It’s always odd when someone addresses me as “Mr. Colvard.” I find myself looking over my shoulder to see if Dad or Big Pa is standing behind me. Well, I don’t literally look anymore. They’ve both been dead for a few years so I’ve pretty much stopped doing that, but being called by the name that once was reserved for my elders is an unpleasant reminder that I’m moving to the front of the bucket-kicking line.
“Sir” is even more peculiar. When someone hurls that epithet in my direction, I have to bite my tongue not to tell them that I have never been tapped on the shoulder with a sword. And certainly not by the Queen. It’s such a groveling word with connotations of plantations and cavaliers and their ladies fair. And not in a good way. Granted, this one is not just about age. It’s also about class. Which makes it more disturbing and disorienting.
But far and away the worst of these age markers is new to me. Or at least it had never been directed at me until about two weeks ago when I turned 59. Why it happened exactly then is a mystery to me, but that is when I crossed over into that vale of Southern antiquity where one is addressed by first name preceded by a courtesy title. In my case, the result is “Mr. Bill.”
If you are old enough to have watched the early seasons of “Saturday Night Live,” you are having a good long howl right now. I was quite often called “Mr. Bill” in the late ’70s and well into the ’80s. And it was funny then. I’d respond with an “Ooooooh, Noooooo” and everyone would laugh. I still have a Pizza Hut name tag, circa 1979, with the moniker “Mr. Bill.” It has always made me smile. Now it makes me cringe.
Because now it’s not a joke. No one is laughing. Least of all me. When someone calls me Mr. Bill today, they are not referencing the golden age of SNL or the lost art of claymation. They just find it unseemly to utter the first name of someone of my ancient vintage without preceding it with a courtesy title.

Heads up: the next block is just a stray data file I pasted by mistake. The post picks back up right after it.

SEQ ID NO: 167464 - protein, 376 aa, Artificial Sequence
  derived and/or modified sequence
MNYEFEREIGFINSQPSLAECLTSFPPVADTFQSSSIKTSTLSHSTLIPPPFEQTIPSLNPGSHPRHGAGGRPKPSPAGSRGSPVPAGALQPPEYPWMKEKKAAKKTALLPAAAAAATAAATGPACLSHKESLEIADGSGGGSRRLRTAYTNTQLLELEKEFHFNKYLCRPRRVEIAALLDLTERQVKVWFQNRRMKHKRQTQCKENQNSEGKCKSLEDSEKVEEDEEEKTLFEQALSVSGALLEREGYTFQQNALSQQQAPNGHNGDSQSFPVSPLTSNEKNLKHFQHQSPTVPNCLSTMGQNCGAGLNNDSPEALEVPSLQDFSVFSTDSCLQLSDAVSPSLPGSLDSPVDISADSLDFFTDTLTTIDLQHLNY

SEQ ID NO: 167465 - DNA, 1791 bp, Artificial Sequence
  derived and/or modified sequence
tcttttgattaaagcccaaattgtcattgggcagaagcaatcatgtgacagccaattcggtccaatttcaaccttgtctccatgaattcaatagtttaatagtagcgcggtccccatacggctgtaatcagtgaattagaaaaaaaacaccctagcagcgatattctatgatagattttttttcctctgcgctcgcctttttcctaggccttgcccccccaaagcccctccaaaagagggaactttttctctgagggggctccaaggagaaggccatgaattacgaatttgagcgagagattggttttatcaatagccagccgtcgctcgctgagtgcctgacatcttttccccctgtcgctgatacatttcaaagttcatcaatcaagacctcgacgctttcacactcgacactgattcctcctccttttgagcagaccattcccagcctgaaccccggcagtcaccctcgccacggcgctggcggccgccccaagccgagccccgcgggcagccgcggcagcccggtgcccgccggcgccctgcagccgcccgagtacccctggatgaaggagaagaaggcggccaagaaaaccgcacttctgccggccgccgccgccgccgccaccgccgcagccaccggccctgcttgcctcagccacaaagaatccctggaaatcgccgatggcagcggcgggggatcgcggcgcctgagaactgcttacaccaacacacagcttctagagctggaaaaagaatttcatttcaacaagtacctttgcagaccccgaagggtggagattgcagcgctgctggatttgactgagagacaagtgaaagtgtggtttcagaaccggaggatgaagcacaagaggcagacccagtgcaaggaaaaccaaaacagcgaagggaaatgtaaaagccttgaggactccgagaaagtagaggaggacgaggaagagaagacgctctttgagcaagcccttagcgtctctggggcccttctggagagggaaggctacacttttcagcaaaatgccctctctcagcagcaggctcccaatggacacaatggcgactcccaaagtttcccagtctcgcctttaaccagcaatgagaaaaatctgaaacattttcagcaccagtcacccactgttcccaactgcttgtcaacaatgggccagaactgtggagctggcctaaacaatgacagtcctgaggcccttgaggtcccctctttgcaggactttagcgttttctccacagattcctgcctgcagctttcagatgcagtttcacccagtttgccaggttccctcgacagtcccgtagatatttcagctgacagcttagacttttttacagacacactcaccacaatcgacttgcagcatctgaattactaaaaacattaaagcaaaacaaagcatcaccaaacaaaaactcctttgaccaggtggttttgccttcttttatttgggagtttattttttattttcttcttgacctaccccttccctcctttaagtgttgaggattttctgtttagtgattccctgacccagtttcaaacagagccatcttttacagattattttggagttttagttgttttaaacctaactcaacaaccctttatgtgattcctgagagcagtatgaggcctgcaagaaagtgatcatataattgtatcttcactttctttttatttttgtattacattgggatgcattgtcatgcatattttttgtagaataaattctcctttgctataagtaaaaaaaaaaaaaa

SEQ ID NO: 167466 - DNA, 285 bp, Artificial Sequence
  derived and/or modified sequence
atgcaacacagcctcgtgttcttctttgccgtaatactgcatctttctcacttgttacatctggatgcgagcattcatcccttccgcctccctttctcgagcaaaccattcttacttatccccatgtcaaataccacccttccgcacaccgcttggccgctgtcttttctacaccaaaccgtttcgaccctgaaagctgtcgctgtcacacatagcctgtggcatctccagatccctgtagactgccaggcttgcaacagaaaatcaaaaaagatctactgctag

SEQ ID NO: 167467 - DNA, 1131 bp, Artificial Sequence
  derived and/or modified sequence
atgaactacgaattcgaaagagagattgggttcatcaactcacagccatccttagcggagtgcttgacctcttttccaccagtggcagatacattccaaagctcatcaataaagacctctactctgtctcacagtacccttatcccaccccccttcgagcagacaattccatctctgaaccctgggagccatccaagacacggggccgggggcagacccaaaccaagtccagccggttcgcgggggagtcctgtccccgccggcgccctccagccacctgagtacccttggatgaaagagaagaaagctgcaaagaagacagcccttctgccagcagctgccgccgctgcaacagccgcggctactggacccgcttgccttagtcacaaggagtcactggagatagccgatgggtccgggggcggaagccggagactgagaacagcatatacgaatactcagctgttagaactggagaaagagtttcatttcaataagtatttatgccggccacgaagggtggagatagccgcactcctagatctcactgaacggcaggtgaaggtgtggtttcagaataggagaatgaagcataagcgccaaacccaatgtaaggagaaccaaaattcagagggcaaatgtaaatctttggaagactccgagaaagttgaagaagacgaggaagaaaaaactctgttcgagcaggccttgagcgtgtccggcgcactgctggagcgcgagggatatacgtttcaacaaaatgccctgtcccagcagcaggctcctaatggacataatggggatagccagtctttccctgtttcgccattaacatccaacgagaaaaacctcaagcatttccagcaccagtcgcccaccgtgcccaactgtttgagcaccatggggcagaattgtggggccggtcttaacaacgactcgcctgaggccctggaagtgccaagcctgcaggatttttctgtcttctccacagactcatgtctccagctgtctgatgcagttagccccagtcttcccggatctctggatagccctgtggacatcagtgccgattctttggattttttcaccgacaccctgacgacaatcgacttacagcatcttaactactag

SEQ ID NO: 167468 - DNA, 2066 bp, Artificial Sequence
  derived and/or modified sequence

It gets very tiresome. And I would like to take this moment to apologize to anyone whom I have wronged in the past with a thoughtless “Mr. Arthur” or a careless “Miss Bessie.” I meant no disrespect. I know it’s too late. Arthur and Bessie have been gone for quite a while so there’s no way to let them know I didn’t set out to intentionally insult them or hurt their feelings, but the fact remains I must have done just that.
Like most acts of cruelty, this one is contagious. As soon as one person feels froggy enough to call you “Mr. Bill,” everyone else thinks they have permission to do the same. So I’d better nip that nonsense in the bud. Or else I’ll be no better off than the aging wildebeest that gets cut from the herd and winds up as the first course at a hyena luncheon.
Karma may exact a high price from me on this one. Like most people of my generation and geographic location, “ma’am” and “sir” were the go-to words for adults with unknown names until I was well into my 20s.
That was when a friend finally pulled me aside at work one day and gave me a little advice. He told me that “ma’am” should be reserved for old ladies, “miss” was the appropriate term for a young woman. Since any given woman might disagree with you on her old lady status, it was best to go with “miss” as long as she was breathing and had a heartbeat.
A parallel rule that I didn’t learn until much later is that you never ask a woman if she’s pregnant unless you can actually see with your own eyes a baby coming out of her. Because if she isn’t pregnant, you have just called her fat. And there’s no walking that one back.
My friend also told me that “sir” wasn’t necessary unless the man it is directed at is above you in terms of social status or age. He explained to me that if you “sir” a fellow who is not better off financially than you, he’s going to think you’re calling him old. And if he does belong to a higher social class, it looks like you’re sucking up, so it’s a no-win any way you look at it.
It made perfect sense and I deleted both words from my vocabulary and my sales increased dramatically. And I began to make friends with people older than me. Turns out, people respond to you more warmly if you stop insulting them.
It was true then. And it’s still true today. I’m ready to forgive if you’ll just cut it out.
Reach Bill Colvard at 336-415-4699.